Apart from its importance for drinking and performing other domestic chores, water has recreational value to people. For many people, no relaxation and fun experience is complete without a visit to swimming pools, water parks, rivers, or beaches. The problem however is that on many occasions, such has turned from enjoyment to regret as witnessed in many tragic stories of individuals who have died from drowning. Victory Bernard writes on improving water safety consciousness.
Sad tale of loss
A World Health Organisation (WHO) report showed that 372,000 people die yearly from drowning, out of which over half of all the drowning deaths occur among people under 25 years. Thus drowning has become one of the 10 leading causes of death for people in this age group.
To bring this home, a famous Nigerian television reality show was suspended in 2007 after a contestant drowned during preparation for the programme. Anthony Ogadje, 25, and five other contestants had gone to Sphere Hills Lake in Plateau State to prepare for the show when he got drowned in a river he was supposed to cross. It was quite unfortunate that all attempts to revive the victim by attendant medical team and the life-guards, including his fellow contestants, failed.
Also, seven members of the National Youth Service Corps (NYSC) drowned in a river Taraba State when they went on a swimming expedition in River Mayo-Selbe, a major tributary of the Benue River.
In April 2018, a Nigerian final year student of Computer Science, ISFOB Benin University, Aliyu Abubakar drowned in a beach in Cotonou just few weeks to his graduation. In August of the same year, a public administration student of the Federal Polytechnic, Ekowe, Bayelsa State, identified as Adekunle drowned in a river close to the school when he went to fetch water due to lack of water on the campus.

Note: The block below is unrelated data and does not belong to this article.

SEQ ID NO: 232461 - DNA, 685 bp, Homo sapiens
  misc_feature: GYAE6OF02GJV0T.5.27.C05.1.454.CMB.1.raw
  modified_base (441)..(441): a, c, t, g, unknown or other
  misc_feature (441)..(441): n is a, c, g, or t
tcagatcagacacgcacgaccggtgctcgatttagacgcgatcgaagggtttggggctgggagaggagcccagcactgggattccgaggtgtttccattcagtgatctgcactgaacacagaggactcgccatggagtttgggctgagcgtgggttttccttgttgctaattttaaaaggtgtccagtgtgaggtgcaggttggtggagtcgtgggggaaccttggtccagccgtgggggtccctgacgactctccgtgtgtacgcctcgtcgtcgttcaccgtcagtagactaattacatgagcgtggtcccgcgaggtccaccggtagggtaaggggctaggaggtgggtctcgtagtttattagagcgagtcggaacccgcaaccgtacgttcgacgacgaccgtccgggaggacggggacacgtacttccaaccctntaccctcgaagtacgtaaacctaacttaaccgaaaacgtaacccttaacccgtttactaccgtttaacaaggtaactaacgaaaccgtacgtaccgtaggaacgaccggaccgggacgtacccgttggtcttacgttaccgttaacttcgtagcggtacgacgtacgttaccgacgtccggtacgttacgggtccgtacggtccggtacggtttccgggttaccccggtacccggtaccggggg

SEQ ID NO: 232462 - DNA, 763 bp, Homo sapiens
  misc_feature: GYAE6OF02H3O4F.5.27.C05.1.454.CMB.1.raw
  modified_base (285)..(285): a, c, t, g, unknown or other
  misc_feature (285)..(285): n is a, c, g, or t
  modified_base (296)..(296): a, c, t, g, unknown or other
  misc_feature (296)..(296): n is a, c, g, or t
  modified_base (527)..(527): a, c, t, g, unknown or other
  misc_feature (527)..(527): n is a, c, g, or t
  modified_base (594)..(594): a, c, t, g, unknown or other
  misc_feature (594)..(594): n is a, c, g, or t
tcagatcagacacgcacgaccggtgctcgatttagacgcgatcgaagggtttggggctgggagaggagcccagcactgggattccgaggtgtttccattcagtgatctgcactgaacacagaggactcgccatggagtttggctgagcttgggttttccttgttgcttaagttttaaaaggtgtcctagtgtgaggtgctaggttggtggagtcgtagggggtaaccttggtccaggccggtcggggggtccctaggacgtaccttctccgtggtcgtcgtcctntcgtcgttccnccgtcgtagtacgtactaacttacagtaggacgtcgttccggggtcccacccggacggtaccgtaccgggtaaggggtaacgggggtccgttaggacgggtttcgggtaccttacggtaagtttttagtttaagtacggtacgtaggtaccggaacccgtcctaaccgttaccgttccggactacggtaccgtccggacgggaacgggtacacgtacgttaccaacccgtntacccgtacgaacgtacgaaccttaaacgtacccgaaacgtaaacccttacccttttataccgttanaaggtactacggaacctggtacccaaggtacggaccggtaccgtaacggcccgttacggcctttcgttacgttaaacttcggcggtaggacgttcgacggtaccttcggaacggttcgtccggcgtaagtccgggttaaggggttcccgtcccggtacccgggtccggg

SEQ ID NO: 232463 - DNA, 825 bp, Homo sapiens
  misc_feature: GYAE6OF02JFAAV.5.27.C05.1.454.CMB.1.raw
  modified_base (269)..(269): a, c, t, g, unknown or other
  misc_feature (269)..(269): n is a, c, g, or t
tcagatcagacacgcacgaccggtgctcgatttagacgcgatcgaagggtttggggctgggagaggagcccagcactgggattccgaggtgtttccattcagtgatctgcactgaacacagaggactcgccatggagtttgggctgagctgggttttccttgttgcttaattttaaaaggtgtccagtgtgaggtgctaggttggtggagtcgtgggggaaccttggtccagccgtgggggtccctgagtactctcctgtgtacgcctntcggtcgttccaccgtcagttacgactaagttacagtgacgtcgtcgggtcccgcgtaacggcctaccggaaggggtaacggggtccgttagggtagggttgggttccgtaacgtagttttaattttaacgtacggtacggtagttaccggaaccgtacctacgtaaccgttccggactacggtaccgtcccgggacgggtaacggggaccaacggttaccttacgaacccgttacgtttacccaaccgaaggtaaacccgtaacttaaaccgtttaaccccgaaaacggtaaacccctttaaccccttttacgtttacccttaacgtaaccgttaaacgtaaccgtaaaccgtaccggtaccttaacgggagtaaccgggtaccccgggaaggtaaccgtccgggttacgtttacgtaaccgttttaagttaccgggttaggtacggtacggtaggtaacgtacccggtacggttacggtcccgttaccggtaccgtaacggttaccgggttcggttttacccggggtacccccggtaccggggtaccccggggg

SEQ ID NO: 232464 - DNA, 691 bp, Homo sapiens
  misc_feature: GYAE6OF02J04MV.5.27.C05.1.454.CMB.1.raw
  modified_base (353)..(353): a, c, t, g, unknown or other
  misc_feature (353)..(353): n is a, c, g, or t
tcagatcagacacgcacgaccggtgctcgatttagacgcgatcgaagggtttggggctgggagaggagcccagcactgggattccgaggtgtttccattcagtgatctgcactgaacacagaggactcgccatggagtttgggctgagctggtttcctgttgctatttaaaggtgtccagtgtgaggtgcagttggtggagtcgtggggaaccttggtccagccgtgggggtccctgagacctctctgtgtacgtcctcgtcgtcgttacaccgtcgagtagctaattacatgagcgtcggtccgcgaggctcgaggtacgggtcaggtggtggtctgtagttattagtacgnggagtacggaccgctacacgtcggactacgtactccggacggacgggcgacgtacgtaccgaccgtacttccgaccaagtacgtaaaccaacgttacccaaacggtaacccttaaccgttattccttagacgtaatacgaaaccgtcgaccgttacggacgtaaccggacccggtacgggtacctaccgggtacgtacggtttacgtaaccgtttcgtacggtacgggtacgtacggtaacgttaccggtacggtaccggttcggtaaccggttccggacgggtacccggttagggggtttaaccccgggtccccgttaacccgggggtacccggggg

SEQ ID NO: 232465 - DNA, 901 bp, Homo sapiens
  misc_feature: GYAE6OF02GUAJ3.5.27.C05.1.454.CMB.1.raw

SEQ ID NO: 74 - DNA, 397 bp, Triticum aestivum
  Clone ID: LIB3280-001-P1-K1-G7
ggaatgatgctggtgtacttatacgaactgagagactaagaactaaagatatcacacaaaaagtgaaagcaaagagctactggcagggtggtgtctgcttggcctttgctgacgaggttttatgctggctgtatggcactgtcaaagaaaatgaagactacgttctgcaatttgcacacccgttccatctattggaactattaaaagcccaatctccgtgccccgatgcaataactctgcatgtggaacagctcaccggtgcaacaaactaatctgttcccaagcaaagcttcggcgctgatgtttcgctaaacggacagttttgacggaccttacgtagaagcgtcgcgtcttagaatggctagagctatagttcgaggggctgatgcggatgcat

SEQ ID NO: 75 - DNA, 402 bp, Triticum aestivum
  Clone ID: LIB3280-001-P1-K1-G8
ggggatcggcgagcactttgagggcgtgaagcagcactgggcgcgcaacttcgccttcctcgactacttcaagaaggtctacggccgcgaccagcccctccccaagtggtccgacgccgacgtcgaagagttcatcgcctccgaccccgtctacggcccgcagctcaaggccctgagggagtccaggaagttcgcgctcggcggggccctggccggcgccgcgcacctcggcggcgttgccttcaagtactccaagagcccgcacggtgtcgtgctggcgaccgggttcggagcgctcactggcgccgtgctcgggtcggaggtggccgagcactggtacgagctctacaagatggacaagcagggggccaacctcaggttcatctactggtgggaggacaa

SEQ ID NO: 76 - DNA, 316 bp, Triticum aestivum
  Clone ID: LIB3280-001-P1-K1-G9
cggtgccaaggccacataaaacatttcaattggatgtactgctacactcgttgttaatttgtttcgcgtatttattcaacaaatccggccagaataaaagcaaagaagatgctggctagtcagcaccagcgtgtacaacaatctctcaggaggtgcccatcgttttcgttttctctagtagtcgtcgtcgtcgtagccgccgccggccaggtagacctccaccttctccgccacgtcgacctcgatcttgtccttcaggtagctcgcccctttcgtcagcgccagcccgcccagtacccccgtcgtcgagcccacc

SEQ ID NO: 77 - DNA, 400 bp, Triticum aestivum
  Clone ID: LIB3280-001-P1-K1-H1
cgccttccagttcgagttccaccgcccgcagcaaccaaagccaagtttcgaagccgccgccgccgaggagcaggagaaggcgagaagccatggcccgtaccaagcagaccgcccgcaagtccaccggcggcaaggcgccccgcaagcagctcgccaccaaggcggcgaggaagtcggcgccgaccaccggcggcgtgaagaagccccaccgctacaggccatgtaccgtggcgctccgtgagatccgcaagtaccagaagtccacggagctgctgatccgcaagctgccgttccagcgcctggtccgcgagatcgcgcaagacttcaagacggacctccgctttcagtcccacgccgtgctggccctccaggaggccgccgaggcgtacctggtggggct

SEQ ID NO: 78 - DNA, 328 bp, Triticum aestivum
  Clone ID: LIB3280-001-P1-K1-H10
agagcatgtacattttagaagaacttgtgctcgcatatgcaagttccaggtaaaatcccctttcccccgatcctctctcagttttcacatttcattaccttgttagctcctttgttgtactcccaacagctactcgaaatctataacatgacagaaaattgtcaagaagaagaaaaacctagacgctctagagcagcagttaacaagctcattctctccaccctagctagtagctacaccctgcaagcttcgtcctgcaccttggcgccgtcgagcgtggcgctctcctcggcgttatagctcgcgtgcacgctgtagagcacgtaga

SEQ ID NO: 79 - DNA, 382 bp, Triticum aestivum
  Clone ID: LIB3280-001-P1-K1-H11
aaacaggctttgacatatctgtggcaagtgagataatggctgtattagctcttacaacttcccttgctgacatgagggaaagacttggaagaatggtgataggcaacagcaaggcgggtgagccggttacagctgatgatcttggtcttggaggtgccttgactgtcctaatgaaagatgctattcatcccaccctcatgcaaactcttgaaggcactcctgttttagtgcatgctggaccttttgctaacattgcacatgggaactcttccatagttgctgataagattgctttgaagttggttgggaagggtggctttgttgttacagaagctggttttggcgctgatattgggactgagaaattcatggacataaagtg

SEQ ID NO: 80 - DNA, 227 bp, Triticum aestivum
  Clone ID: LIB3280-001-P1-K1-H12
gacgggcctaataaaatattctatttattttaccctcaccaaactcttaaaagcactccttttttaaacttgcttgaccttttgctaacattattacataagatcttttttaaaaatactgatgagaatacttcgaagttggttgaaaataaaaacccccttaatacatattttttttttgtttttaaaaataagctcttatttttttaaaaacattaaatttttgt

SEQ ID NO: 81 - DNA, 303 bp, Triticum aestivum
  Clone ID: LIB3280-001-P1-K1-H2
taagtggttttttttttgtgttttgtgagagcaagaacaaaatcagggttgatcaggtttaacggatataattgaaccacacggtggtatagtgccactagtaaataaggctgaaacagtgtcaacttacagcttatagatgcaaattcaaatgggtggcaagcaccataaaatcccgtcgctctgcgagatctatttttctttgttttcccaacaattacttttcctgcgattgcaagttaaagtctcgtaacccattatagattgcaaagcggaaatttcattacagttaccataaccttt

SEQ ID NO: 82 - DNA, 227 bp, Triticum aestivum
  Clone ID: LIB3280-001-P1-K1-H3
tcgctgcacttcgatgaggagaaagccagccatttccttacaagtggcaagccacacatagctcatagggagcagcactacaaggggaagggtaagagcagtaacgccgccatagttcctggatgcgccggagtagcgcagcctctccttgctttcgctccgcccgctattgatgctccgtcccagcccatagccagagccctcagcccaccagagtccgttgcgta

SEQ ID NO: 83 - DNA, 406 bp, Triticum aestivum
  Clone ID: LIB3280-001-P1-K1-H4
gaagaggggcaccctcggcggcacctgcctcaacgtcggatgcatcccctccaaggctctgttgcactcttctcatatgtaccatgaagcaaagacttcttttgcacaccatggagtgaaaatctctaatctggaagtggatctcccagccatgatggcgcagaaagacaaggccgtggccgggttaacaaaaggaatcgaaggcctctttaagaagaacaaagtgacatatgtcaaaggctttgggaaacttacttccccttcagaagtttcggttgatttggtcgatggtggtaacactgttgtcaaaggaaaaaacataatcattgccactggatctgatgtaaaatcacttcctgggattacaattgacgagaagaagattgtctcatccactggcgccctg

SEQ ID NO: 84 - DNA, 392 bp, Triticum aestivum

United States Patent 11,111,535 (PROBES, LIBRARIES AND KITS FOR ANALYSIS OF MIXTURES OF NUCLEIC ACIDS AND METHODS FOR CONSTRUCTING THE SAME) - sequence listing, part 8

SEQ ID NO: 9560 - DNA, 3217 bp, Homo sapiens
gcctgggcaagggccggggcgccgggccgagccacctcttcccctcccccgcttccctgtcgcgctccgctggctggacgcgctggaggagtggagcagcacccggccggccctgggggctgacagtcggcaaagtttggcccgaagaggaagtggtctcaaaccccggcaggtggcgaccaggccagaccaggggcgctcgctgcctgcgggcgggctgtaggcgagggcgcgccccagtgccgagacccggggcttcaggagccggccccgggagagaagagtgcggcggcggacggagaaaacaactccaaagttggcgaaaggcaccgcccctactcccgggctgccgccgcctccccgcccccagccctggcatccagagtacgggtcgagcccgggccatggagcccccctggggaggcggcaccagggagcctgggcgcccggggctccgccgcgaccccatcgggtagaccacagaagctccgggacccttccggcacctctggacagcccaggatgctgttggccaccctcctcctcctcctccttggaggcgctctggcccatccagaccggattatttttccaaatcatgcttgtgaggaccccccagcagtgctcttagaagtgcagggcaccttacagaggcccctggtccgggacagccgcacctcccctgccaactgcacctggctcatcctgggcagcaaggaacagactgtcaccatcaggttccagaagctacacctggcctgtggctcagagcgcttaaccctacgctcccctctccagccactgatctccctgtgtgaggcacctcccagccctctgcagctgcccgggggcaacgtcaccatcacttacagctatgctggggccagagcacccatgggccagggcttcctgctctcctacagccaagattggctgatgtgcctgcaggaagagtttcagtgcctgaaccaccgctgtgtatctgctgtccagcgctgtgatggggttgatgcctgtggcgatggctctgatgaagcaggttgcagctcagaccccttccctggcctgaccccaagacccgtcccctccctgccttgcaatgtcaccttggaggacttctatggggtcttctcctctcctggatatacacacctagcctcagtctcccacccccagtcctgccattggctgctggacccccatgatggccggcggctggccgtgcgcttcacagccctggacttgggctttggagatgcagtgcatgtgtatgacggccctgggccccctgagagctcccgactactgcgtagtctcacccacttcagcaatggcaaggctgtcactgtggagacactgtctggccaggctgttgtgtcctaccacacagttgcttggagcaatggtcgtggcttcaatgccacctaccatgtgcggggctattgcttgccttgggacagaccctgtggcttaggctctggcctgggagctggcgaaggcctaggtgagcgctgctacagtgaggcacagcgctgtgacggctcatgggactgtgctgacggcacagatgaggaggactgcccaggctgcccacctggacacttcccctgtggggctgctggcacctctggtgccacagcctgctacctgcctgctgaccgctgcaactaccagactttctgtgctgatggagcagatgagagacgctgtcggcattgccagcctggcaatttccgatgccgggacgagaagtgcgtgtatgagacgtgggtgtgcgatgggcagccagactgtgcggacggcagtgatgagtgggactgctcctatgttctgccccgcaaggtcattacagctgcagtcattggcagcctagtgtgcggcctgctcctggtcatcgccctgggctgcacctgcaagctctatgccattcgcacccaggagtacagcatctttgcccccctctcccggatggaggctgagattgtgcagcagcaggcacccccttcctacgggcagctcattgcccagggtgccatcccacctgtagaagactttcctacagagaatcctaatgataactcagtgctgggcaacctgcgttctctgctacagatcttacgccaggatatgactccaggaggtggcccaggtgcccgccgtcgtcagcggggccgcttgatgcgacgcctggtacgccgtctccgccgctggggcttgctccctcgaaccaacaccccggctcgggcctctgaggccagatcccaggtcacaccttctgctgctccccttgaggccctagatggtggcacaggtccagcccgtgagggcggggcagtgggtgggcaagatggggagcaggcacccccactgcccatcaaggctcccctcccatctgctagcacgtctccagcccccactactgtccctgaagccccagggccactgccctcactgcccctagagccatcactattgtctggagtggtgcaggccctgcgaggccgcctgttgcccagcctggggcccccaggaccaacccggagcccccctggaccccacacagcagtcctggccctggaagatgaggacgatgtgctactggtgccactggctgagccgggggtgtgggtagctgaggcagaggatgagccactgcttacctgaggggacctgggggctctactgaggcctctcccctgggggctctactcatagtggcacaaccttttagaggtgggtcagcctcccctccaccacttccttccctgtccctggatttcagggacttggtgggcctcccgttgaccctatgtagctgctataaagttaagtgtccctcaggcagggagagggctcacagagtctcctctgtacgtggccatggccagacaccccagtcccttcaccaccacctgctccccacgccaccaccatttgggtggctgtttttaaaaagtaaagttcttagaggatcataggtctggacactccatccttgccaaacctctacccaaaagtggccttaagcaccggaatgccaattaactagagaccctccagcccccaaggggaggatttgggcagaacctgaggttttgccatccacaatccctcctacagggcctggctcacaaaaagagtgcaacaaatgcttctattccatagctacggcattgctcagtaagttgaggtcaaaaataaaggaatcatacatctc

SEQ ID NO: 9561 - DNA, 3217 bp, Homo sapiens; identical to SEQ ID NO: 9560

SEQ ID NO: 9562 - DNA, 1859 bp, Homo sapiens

In yet another incident, in May, a 100-level student of at the University of Uyo, Kingsley Etim, drowned in the swimming pool of DeVagas paradise hotel in Uyo during a pool party.
These unfortunate incidents clearly show the need for a clear understanding of water safety.
Water safety involves the procedures, precautions and policies associated with safety in, on and around bodies of water, where there is a risk of injury or drowning. It has applications in several occupations, sports and recreational activities.
However, the rate of fatalities that have occurred in recreational areas has shown the lack of management and know-how in this area of water safety. Hence the reason this article was written.
WHO further said that this menace is preventable only if the government of all nations can develop a national water plan which would provide strategic direction and a framework to guide multi-sectoral efforts to prevent drowning. The question, however, is: how many nations, including Nigeria, is taking steps towards putting a stop to this needless loss of lives?
Therefore, it behooves every individual, especially lovers of the aqua-world, to take necessary safety precautions to stay safe around open water.
Ignorance – Cause Of Death
There are many causes of deaths in water bodies but a major one as identified by a marine and water safety expert, Dr. Wilson Arikpo, is ignorance.
In a chat with Safety Record, a former spokesman of the Institute of Safety Professionals of Nigeria (ISPON) said that fear was a result of lack of knowledge of safety skills which has led to deaths around water bodies.
“One word I hope will capture it all is ignorance. Another word, which is an offshoot of ignorance, is hydrophobia,” he explained.
He added, “There could be so many other causes of death in water bodies, but whatever causes death can be summarised in the fact that what you don’t know, you don’t know and ignorance produces phobia, which is why many are afraid of water.